Sabaat – Is It Okay To Show A Therapist-Patient Romantic Bond?

BlogsSabaat - Is It Okay To Show A Therapist-Patient Romantic Bond?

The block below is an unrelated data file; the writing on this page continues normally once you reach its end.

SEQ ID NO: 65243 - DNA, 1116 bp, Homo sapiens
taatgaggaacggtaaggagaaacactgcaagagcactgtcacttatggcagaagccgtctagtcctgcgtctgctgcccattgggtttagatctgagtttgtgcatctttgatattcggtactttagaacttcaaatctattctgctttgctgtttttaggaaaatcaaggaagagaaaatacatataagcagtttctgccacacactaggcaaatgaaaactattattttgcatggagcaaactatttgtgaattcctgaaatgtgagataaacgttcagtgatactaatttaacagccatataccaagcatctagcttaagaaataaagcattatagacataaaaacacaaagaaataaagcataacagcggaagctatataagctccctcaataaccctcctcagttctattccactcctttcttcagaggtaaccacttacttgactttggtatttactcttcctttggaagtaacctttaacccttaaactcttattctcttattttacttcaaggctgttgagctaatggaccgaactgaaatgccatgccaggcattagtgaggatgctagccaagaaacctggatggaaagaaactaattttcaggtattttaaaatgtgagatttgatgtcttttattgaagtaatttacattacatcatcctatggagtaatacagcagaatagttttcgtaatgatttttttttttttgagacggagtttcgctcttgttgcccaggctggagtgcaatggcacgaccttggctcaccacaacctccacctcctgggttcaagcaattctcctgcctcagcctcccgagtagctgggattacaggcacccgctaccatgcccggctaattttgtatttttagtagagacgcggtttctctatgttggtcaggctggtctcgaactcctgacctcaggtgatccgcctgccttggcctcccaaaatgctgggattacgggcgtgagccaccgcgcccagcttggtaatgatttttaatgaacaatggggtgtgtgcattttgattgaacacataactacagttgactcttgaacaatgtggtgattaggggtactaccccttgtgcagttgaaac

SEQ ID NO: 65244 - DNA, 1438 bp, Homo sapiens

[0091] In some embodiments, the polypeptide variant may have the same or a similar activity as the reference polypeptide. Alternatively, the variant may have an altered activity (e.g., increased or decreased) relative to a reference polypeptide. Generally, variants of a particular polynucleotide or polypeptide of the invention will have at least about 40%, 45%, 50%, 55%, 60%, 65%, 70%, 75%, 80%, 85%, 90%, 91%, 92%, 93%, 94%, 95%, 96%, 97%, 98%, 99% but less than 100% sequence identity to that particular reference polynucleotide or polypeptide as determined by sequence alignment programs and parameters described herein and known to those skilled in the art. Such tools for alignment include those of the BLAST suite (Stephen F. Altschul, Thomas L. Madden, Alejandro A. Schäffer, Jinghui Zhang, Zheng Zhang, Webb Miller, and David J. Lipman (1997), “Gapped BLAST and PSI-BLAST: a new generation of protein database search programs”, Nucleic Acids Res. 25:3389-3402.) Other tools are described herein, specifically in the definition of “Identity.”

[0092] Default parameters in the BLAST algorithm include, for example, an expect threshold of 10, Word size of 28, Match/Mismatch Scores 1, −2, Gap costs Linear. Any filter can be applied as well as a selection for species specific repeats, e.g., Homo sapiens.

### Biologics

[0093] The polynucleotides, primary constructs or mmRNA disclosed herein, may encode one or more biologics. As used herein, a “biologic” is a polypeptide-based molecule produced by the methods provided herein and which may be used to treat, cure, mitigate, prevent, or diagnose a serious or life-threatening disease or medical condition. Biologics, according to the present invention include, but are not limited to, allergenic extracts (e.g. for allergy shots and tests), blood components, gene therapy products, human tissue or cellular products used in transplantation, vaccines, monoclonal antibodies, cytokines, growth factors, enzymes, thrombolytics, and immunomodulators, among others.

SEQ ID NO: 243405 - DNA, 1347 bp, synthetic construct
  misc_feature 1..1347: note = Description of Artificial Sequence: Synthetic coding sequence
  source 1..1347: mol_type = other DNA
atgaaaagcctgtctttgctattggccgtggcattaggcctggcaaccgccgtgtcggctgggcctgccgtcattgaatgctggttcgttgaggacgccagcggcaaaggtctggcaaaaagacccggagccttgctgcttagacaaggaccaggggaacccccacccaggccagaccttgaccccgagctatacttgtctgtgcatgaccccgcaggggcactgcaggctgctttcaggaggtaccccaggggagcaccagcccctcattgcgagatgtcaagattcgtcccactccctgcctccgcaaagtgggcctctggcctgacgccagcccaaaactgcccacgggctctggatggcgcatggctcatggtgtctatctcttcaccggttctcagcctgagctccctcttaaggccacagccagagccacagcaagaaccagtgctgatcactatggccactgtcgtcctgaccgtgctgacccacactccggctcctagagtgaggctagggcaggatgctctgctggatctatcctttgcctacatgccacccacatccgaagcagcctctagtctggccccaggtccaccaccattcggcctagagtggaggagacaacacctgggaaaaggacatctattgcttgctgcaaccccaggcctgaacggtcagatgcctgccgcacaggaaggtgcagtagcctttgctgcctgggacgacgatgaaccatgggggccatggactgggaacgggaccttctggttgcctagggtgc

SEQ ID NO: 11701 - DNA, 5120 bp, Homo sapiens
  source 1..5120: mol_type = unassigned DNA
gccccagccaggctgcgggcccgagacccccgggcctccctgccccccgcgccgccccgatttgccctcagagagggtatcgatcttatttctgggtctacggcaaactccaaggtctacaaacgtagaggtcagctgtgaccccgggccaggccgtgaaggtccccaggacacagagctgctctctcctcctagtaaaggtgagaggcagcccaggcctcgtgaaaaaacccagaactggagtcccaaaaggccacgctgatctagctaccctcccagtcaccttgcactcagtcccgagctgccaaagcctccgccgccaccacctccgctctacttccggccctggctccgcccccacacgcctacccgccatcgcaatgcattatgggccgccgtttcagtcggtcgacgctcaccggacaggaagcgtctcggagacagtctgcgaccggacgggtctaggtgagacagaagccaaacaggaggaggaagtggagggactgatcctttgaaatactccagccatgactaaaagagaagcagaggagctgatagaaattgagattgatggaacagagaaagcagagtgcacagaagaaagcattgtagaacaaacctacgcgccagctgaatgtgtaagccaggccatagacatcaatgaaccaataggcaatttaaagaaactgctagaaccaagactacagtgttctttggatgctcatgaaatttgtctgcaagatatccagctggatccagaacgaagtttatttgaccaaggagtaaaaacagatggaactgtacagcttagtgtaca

The HUM TV drama serial Sabaat has become a matter of serious debate on social media. Casting Mawra Hocane, Sarah Khan, Usman Mukhtar, and Ameer Gilani as the leads, the hit drama serial has tangled itself into a very serious controversy. One of the main reasons it is in the news is because of how it is representing mental health and overshadowing the importance of it by turning it into a love story.